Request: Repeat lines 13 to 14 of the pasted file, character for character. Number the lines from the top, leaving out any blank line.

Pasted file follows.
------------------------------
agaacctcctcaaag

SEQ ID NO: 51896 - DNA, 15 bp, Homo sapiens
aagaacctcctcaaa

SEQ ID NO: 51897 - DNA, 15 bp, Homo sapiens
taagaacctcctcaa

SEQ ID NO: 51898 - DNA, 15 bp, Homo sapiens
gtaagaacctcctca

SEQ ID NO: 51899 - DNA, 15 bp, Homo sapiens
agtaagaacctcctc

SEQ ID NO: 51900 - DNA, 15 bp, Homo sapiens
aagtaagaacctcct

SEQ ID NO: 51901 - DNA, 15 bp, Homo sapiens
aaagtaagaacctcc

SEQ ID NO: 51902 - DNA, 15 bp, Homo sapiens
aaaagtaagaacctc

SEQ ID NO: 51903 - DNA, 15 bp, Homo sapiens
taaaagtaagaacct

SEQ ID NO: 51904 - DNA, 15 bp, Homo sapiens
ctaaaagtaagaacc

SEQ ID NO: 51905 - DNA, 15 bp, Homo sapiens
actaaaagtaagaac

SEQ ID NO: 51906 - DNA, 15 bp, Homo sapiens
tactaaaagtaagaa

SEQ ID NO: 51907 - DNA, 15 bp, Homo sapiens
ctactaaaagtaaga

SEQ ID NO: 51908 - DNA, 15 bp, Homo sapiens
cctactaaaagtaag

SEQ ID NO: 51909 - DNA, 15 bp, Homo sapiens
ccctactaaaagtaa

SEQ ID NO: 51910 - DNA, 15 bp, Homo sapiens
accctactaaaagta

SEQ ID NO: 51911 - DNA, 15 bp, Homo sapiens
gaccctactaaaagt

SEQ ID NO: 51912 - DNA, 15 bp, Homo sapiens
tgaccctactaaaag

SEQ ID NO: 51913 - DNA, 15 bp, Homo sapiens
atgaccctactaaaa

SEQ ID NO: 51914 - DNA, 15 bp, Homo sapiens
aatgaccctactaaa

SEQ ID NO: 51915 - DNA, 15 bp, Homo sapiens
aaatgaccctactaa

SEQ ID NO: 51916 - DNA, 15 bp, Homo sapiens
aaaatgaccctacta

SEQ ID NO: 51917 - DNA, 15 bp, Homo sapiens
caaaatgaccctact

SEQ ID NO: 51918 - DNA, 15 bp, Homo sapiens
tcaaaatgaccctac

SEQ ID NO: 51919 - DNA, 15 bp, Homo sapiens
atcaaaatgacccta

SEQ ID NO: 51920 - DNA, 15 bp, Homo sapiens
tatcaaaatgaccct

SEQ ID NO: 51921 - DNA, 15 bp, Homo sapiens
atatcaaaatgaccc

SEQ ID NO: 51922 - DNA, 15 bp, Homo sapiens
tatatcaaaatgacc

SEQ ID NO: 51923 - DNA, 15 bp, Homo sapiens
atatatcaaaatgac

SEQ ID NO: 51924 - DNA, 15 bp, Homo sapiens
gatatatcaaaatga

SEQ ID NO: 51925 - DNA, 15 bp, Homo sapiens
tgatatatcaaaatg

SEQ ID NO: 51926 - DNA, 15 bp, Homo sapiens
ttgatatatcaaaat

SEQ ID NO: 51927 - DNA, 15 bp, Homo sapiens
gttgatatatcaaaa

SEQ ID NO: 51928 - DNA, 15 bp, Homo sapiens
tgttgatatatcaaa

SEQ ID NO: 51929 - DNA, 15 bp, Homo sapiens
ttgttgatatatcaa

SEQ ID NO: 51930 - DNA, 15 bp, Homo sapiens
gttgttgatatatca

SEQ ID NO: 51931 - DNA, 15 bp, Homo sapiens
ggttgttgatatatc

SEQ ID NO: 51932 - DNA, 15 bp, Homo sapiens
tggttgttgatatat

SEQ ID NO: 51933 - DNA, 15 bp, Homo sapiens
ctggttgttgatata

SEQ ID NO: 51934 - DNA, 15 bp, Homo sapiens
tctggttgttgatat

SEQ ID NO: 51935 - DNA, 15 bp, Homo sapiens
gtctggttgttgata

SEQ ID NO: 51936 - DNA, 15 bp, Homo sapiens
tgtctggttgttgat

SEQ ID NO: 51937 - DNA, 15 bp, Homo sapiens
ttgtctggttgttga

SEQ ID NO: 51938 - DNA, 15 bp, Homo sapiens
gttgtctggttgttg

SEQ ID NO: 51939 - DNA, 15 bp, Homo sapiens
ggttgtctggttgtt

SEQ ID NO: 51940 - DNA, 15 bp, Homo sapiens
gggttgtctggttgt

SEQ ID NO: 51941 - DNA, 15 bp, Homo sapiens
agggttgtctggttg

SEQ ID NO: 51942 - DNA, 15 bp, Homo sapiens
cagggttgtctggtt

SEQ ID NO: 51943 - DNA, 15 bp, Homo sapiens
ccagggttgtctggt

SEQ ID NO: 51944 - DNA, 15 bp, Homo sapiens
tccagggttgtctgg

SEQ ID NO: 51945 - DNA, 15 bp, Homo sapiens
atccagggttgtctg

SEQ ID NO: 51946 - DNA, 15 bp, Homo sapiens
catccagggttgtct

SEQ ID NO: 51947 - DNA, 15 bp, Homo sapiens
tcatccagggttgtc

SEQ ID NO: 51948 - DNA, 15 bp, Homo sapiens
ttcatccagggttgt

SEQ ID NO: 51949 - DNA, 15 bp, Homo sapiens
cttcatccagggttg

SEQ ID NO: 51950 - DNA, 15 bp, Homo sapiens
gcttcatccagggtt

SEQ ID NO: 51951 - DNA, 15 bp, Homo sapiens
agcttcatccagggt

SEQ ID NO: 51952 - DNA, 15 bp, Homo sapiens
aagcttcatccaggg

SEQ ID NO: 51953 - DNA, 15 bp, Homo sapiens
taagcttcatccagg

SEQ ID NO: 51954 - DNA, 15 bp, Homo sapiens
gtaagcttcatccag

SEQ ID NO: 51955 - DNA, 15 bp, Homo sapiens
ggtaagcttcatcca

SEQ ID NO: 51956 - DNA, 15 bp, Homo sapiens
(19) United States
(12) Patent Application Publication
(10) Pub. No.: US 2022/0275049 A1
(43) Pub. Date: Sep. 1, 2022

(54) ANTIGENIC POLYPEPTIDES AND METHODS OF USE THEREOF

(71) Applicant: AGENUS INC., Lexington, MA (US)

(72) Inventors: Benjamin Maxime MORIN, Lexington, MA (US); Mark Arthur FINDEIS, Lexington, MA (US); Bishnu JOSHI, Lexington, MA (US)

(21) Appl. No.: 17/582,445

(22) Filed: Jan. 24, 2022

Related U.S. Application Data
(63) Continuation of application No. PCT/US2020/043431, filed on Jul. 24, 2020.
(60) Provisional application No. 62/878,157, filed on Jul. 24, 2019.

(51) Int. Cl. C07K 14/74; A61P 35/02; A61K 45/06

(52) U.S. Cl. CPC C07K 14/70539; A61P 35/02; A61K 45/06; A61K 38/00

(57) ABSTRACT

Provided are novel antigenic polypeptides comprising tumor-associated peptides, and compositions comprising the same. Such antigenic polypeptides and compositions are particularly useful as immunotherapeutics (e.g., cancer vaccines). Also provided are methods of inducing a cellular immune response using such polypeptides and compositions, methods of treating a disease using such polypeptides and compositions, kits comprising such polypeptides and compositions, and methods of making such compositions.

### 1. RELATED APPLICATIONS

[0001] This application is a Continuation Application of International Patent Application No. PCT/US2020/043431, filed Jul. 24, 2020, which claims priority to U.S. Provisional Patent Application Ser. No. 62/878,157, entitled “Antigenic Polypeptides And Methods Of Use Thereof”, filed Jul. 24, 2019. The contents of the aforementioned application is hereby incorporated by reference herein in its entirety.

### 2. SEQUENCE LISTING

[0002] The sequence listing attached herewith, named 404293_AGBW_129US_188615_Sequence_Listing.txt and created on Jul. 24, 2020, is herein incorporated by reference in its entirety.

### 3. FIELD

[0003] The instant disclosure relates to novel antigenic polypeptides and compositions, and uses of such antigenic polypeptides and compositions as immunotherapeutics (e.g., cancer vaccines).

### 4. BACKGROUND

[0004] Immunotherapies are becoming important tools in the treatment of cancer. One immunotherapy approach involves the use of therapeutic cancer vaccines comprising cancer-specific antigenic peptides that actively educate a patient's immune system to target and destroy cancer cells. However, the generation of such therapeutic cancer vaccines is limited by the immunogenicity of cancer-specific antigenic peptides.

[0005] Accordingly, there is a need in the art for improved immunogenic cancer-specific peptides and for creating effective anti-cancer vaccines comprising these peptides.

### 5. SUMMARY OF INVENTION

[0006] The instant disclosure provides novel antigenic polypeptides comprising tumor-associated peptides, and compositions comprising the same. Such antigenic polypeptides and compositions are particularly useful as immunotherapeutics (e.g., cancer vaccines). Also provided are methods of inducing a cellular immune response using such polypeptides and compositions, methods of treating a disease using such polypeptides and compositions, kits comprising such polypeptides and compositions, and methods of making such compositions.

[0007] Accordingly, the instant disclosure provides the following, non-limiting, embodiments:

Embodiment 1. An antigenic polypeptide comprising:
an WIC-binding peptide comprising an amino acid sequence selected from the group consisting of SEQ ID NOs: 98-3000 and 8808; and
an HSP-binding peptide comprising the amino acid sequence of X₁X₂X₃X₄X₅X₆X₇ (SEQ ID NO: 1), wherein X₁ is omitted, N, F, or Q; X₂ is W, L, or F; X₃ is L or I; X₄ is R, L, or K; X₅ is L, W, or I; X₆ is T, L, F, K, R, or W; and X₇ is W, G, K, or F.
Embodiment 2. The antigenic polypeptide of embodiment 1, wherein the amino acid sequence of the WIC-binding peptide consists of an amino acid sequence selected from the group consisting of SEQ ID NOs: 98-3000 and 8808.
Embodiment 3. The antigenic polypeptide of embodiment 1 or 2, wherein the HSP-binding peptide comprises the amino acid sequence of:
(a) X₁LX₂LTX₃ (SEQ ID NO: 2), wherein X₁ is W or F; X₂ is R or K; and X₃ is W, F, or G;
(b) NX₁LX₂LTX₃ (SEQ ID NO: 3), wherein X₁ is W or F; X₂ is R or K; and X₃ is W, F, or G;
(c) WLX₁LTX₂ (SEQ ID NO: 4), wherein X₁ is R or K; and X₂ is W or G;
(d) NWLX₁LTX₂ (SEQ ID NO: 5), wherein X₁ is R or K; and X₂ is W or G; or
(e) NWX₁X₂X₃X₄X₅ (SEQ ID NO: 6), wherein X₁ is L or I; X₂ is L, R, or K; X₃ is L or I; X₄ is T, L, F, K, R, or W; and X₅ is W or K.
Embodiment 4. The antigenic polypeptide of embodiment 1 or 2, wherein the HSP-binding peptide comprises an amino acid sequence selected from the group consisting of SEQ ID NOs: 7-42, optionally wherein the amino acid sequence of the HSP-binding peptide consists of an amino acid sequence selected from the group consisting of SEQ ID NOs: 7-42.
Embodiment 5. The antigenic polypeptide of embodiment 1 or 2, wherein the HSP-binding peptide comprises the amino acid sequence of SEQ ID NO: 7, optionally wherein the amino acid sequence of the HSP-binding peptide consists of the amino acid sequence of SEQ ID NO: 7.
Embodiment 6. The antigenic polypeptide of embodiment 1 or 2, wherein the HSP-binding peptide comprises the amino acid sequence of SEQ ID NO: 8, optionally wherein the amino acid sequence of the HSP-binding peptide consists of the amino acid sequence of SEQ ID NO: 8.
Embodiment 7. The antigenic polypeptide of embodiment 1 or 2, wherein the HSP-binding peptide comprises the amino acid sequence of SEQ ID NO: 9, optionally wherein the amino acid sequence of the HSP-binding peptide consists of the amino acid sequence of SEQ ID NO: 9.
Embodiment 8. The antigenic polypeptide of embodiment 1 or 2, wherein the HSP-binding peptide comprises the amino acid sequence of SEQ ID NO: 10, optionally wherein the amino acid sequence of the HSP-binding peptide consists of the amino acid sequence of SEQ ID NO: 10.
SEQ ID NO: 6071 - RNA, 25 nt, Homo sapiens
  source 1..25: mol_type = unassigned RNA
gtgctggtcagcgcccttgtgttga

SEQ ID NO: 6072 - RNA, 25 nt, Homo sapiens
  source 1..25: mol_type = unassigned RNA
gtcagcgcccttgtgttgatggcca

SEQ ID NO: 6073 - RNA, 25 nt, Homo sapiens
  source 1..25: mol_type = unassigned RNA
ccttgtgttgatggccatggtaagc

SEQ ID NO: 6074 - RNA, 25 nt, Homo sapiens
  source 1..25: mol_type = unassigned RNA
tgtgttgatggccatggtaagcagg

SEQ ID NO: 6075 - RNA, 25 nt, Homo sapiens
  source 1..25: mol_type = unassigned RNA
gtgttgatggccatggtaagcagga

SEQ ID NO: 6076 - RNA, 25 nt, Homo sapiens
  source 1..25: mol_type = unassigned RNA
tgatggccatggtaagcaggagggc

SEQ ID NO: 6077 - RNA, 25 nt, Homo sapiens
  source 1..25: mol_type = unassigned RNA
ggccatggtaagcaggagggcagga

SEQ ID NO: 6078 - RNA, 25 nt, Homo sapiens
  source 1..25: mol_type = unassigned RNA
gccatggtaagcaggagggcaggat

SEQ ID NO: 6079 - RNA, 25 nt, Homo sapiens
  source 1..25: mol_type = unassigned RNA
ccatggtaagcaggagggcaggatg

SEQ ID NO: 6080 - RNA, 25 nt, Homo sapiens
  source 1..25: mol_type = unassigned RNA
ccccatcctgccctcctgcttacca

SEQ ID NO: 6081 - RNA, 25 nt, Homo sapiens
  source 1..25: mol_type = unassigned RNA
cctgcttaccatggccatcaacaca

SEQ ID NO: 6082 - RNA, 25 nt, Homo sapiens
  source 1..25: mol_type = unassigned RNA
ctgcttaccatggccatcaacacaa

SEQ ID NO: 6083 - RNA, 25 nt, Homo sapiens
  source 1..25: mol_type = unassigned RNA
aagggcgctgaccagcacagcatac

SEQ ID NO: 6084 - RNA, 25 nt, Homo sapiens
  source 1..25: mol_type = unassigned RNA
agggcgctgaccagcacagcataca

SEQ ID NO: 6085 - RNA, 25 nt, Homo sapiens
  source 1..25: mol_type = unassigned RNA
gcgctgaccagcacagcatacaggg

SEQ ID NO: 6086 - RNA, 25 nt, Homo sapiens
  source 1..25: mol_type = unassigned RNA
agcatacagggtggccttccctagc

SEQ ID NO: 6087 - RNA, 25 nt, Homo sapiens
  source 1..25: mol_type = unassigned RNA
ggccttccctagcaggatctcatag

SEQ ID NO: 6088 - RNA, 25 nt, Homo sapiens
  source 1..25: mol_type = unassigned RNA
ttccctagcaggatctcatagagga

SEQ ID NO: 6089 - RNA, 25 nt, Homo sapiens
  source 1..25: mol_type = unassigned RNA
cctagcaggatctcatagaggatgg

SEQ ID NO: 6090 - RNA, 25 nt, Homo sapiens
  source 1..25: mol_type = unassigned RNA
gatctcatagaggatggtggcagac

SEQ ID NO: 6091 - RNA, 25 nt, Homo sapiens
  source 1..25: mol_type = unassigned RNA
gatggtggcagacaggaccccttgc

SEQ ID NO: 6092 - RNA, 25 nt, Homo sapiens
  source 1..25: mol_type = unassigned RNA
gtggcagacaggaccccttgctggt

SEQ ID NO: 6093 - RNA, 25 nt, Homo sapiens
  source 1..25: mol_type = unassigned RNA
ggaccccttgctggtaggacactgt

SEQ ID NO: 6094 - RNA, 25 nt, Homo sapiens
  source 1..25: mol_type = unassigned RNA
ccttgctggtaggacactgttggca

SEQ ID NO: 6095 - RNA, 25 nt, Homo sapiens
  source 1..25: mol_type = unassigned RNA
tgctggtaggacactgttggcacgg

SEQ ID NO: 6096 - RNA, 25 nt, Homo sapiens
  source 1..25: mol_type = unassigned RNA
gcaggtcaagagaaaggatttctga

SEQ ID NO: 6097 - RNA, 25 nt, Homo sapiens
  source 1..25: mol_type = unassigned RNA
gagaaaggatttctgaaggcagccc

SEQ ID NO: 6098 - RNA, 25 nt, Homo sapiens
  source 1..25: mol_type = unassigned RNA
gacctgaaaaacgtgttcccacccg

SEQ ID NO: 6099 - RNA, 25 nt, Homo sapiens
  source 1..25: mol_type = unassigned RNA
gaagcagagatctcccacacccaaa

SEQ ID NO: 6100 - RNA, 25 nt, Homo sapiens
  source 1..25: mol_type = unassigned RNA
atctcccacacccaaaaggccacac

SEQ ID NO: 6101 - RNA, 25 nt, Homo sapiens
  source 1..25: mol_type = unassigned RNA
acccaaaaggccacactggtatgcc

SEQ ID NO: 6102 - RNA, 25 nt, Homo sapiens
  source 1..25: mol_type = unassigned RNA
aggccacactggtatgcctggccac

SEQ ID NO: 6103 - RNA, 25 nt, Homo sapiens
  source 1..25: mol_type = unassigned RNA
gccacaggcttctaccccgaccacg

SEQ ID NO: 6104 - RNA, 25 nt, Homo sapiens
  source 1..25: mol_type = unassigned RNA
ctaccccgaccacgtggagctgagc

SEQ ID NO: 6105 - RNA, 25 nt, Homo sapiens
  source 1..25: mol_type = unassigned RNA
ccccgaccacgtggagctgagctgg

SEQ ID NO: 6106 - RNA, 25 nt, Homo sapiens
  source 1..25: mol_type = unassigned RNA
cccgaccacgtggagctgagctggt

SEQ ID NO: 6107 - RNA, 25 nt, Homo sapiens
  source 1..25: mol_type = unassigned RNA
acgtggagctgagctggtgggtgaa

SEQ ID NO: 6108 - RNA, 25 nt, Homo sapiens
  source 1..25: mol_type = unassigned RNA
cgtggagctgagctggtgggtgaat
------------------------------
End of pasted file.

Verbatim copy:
aaagtaagaacctcc

SEQ ID NO: 51902 - DNA, 15 bp, Homo sapiens